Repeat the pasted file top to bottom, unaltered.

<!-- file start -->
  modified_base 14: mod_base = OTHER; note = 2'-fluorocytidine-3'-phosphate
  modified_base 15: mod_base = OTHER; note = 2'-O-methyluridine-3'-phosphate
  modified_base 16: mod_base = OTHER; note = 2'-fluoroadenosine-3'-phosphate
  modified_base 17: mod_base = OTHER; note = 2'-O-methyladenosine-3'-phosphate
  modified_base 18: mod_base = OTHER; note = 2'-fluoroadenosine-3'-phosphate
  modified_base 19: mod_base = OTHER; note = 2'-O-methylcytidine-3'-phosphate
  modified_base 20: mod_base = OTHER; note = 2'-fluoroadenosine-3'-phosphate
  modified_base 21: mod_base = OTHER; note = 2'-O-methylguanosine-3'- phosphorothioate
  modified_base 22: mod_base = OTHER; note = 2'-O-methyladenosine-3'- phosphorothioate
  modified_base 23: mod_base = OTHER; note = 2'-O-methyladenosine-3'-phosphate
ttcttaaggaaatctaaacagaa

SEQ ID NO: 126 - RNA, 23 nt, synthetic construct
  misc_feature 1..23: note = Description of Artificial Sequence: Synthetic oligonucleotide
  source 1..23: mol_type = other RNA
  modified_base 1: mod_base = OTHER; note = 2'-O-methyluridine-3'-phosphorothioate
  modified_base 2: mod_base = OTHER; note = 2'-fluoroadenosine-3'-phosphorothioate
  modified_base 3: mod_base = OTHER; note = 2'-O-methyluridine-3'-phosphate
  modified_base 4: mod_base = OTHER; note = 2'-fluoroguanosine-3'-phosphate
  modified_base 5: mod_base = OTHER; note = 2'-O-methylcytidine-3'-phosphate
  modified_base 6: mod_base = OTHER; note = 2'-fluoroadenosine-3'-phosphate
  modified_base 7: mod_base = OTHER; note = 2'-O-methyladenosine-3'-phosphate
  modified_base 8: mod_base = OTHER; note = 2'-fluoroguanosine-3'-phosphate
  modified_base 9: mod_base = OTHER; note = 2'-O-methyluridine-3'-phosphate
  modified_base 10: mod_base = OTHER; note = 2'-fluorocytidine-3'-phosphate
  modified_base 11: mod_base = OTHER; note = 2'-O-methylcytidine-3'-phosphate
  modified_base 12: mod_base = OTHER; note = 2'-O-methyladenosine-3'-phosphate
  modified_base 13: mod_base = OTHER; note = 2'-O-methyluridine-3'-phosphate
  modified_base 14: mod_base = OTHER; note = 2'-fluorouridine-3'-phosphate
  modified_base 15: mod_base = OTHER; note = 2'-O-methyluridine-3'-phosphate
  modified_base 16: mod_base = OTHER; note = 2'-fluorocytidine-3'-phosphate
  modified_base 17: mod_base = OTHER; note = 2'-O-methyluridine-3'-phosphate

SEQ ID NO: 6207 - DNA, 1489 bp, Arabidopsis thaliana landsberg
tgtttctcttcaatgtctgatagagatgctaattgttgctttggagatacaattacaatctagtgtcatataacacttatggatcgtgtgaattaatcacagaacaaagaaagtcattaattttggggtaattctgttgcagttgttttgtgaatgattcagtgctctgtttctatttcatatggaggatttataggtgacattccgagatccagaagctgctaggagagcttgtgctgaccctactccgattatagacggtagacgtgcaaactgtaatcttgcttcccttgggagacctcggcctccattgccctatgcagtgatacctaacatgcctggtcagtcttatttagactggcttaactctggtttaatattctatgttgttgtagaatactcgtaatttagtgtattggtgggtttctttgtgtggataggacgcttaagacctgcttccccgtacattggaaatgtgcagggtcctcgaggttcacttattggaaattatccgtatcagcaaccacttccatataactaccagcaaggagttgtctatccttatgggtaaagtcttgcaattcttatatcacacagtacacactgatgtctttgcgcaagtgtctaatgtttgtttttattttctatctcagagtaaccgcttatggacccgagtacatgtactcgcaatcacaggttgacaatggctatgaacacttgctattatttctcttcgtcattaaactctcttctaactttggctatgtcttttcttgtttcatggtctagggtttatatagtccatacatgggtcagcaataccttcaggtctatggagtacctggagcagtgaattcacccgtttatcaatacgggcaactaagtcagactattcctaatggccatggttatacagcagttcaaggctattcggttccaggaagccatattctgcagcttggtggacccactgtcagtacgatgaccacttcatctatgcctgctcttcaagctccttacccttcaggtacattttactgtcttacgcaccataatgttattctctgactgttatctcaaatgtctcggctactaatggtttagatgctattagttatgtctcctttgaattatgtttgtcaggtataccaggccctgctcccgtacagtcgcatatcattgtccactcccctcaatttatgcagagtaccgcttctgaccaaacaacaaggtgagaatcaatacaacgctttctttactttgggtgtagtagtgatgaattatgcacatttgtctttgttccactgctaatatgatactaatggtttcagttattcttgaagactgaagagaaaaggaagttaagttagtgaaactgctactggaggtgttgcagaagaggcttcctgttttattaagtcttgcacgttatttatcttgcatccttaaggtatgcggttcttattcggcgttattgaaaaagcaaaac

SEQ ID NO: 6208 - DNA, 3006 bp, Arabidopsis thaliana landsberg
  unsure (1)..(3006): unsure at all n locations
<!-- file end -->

  modified_base 14: mod_base = OTHER; note = 2'-fluorocytidine-3'-phosphate
  modified_base 15: mod_base = OTHER; note = 2'-O-methyluridine-3'-phosphate
  modified_base 16: mod_base = OTHER; note = 2'-fluoroadenosine-3'-phosphate
  modified_base 17: mod_base = OTHER; note = 2'-O-methyladenosine-3'-phosphate
  modified_base 18: mod_base = OTHER; note = 2'-fluoroadenosine-3'-phosphate
  modified_base 19: mod_base = OTHER; note = 2'-O-methylcytidine-3'-phosphate
  modified_base 20: mod_base = OTHER; note = 2'-fluoroadenosine-3'-phosphate
  modified_base 21: mod_base = OTHER; note = 2'-O-methylguanosine-3'- phosphorothioate
  modified_base 22: mod_base = OTHER; note = 2'-O-methyladenosine-3'- phosphorothioate
  modified_base 23: mod_base = OTHER; note = 2'-O-methyladenosine-3'-phosphate
ttcttaaggaaatctaaacagaa

SEQ ID NO: 126 - RNA, 23 nt, synthetic construct
  misc_feature 1..23: note = Description of Artificial Sequence: Synthetic oligonucleotide
  source 1..23: mol_type = other RNA
  modified_base 1: mod_base = OTHER; note = 2'-O-methyluridine-3'-phosphorothioate
  modified_base 2: mod_base = OTHER; note = 2'-fluoroadenosine-3'-phosphorothioate
  modified_base 3: mod_base = OTHER; note = 2'-O-methyluridine-3'-phosphate
  modified_base 4: mod_base = OTHER; note = 2'-fluoroguanosine-3'-phosphate
  modified_base 5: mod_base = OTHER; note = 2'-O-methylcytidine-3'-phosphate
  modified_base 6: mod_base = OTHER; note = 2'-fluoroadenosine-3'-phosphate
  modified_base 7: mod_base = OTHER; note = 2'-O-methyladenosine-3'-phosphate
  modified_base 8: mod_base = OTHER; note = 2'-fluoroguanosine-3'-phosphate
  modified_base 9: mod_base = OTHER; note = 2'-O-methyluridine-3'-phosphate
  modified_base 10: mod_base = OTHER; note = 2'-fluorocytidine-3'-phosphate
  modified_base 11: mod_base = OTHER; note = 2'-O-methylcytidine-3'-phosphate
  modified_base 12: mod_base = OTHER; note = 2'-O-methyladenosine-3'-phosphate
  modified_base 13: mod_base = OTHER; note = 2'-O-methyluridine-3'-phosphate
  modified_base 14: mod_base = OTHER; note = 2'-fluorouridine-3'-phosphate
  modified_base 15: mod_base = OTHER; note = 2'-O-methyluridine-3'-phosphate
  modified_base 16: mod_base = OTHER; note = 2'-fluorocytidine-3'-phosphate
  modified_base 17: mod_base = OTHER; note = 2'-O-methyluridine-3'-phosphate

SEQ ID NO: 6207 - DNA, 1489 bp, Arabidopsis thaliana landsberg
tgtttctcttcaatgtctgatagagatgctaattgttgctttggagatacaattacaatctagtgtcatataacacttatggatcgtgtgaattaatcacagaacaaagaaagtcattaattttggggtaattctgttgcagttgttttgtgaatgattcagtgctctgtttctatttcatatggaggatttataggtgacattccgagatccagaagctgctaggagagcttgtgctgaccctactccgattatagacggtagacgtgcaaactgtaatcttgcttcccttgggagacctcggcctccattgccctatgcagtgatacctaacatgcctggtcagtcttatttagactggcttaactctggtttaatattctatgttgttgtagaatactcgtaatttagtgtattggtgggtttctttgtgtggataggacgcttaagacctgcttccccgtacattggaaatgtgcagggtcctcgaggttcacttattggaaattatccgtatcagcaaccacttccatataactaccagcaaggagttgtctatccttatgggtaaagtcttgcaattcttatatcacacagtacacactgatgtctttgcgcaagtgtctaatgtttgtttttattttctatctcagagtaaccgcttatggacccgagtacatgtactcgcaatcacaggttgacaatggctatgaacacttgctattatttctcttcgtcattaaactctcttctaactttggctatgtcttttcttgtttcatggtctagggtttatatagtccatacatgggtcagcaataccttcaggtctatggagtacctggagcagtgaattcacccgtttatcaatacgggcaactaagtcagactattcctaatggccatggttatacagcagttcaaggctattcggttccaggaagccatattctgcagcttggtggacccactgtcagtacgatgaccacttcatctatgcctgctcttcaagctccttacccttcaggtacattttactgtcttacgcaccataatgttattctctgactgttatctcaaatgtctcggctactaatggtttagatgctattagttatgtctcctttgaattatgtttgtcaggtataccaggccctgctcccgtacagtcgcatatcattgtccactcccctcaatttatgcagagtaccgcttctgaccaaacaacaaggtgagaatcaatacaacgctttctttactttgggtgtagtagtgatgaattatgcacatttgtctttgttccactgctaatatgatactaatggtttcagttattcttgaagactgaagagaaaaggaagttaagttagtgaaactgctactggaggtgttgcagaagaggcttcctgttttattaagtcttgcacgttatttatcttgcatccttaaggtatgcggttcttattcggcgttattgaaaaagcaaaac

SEQ ID NO: 6208 - DNA, 3006 bp, Arabidopsis thaliana landsberg
  unsure (1)..(3006): unsure at all n locations